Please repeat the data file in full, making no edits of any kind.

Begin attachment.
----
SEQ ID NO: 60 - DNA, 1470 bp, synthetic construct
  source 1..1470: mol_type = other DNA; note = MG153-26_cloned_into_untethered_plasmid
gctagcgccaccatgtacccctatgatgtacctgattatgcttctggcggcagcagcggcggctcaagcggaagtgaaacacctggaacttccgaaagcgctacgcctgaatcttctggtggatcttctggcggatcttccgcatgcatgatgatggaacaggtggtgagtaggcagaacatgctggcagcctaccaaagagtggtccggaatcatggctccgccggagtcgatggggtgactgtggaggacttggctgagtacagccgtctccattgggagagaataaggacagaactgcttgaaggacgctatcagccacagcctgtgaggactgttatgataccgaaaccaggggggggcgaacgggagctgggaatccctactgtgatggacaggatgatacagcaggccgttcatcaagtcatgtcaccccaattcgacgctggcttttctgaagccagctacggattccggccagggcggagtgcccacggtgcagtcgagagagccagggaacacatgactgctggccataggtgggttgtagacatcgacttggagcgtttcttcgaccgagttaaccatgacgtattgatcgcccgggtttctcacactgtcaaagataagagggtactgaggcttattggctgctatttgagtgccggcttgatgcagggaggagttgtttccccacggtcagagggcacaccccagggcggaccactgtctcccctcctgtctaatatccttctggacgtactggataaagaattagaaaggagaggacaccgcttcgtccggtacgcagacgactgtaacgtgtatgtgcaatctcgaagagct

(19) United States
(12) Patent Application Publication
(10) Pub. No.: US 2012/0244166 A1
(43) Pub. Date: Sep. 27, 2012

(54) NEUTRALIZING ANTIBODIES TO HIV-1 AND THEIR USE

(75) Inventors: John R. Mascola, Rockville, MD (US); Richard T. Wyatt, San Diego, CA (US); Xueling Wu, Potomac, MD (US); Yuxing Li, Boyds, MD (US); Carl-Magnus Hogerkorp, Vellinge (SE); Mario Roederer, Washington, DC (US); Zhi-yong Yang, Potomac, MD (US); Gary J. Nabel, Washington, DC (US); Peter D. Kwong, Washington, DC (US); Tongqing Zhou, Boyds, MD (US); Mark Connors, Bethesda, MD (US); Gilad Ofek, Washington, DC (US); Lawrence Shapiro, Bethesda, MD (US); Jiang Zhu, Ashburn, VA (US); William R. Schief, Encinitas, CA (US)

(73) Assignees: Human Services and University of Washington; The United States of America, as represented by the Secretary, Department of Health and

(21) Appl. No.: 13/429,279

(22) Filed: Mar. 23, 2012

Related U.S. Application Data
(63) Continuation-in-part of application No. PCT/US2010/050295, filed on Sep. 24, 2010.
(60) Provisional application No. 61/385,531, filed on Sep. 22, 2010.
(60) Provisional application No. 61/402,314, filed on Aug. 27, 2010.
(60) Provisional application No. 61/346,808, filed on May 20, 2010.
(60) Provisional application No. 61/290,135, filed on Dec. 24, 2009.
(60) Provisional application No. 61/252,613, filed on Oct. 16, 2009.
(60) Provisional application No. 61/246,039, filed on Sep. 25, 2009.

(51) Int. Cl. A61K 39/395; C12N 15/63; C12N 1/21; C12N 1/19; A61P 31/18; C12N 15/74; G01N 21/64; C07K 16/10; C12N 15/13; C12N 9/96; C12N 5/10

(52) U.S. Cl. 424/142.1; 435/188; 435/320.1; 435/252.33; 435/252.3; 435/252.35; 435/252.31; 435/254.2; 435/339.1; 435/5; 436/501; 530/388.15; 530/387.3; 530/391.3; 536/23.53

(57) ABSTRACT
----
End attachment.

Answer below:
SEQ ID NO: 60 - DNA, 1470 bp, synthetic construct
  source 1..1470: mol_type = other DNA; note = MG153-26_cloned_into_untethered_plasmid
gctagcgccaccatgtacccctatgatgtacctgattatgcttctggcggcagcagcggcggctcaagcggaagtgaaacacctggaacttccgaaagcgctacgcctgaatcttctggtggatcttctggcggatcttccgcatgcatgatgatggaacaggtggtgagtaggcagaacatgctggcagcctaccaaagagtggtccggaatcatggctccgccggagtcgatggggtgactgtggaggacttggctgagtacagccgtctccattgggagagaataaggacagaactgcttgaaggacgctatcagccacagcctgtgaggactgttatgataccgaaaccaggggggggcgaacgggagctgggaatccctactgtgatggacaggatgatacagcaggccgttcatcaagtcatgtcaccccaattcgacgctggcttttctgaagccagctacggattccggccagggcggagtgcccacggtgcagtcgagagagccagggaacacatgactgctggccataggtgggttgtagacatcgacttggagcgtttcttcgaccgagttaaccatgacgtattgatcgcccgggtttctcacactgtcaaagataagagggtactgaggcttattggctgctatttgagtgccggcttgatgcagggaggagttgtttccccacggtcagagggcacaccccagggcggaccactgtctcccctcctgtctaatatccttctggacgtactggataaagaattagaaaggagaggacaccgcttcgtccggtacgcagacgactgtaacgtgtatgtgcaatctcgaagagct

(19) United States
(12) Patent Application Publication
(10) Pub. No.: US 2012/0244166 A1
(43) Pub. Date: Sep. 27, 2012

(54) NEUTRALIZING ANTIBODIES TO HIV-1 AND THEIR USE

(75) Inventors: John R. Mascola, Rockville, MD (US); Richard T. Wyatt, San Diego, CA (US); Xueling Wu, Potomac, MD (US); Yuxing Li, Boyds, MD (US); Carl-Magnus Hogerkorp, Vellinge (SE); Mario Roederer, Washington, DC (US); Zhi-yong Yang, Potomac, MD (US); Gary J. Nabel, Washington, DC (US); Peter D. Kwong, Washington, DC (US); Tongqing Zhou, Boyds, MD (US); Mark Connors, Bethesda, MD (US); Gilad Ofek, Washington, DC (US); Lawrence Shapiro, Bethesda, MD (US); Jiang Zhu, Ashburn, VA (US); William R. Schief, Encinitas, CA (US)

(73) Assignees: Human Services and University of Washington; The United States of America, as represented by the Secretary, Department of Health and

(21) Appl. No.: 13/429,279

(22) Filed: Mar. 23, 2012

Related U.S. Application Data
(63) Continuation-in-part of application No. PCT/US2010/050295, filed on Sep. 24, 2010.
(60) Provisional application No. 61/385,531, filed on Sep. 22, 2010.
(60) Provisional application No. 61/402,314, filed on Aug. 27, 2010.
(60) Provisional application No. 61/346,808, filed on May 20, 2010.
(60) Provisional application No. 61/290,135, filed on Dec. 24, 2009.
(60) Provisional application No. 61/252,613, filed on Oct. 16, 2009.
(60) Provisional application No. 61/246,039, filed on Sep. 25, 2009.

(51) Int. Cl. A61K 39/395; C12N 15/63; C12N 1/21; C12N 1/19; A61P 31/18; C12N 15/74; G01N 21/64; C07K 16/10; C12N 15/13; C12N 9/96; C12N 5/10

(52) U.S. Cl. 424/142.1; 435/188; 435/320.1; 435/252.33; 435/252.3; 435/252.35; 435/252.31; 435/254.2; 435/339.1; 435/5; 436/501; 530/388.15; 530/387.3; 530/391.3; 536/23.53

(57) ABSTRACT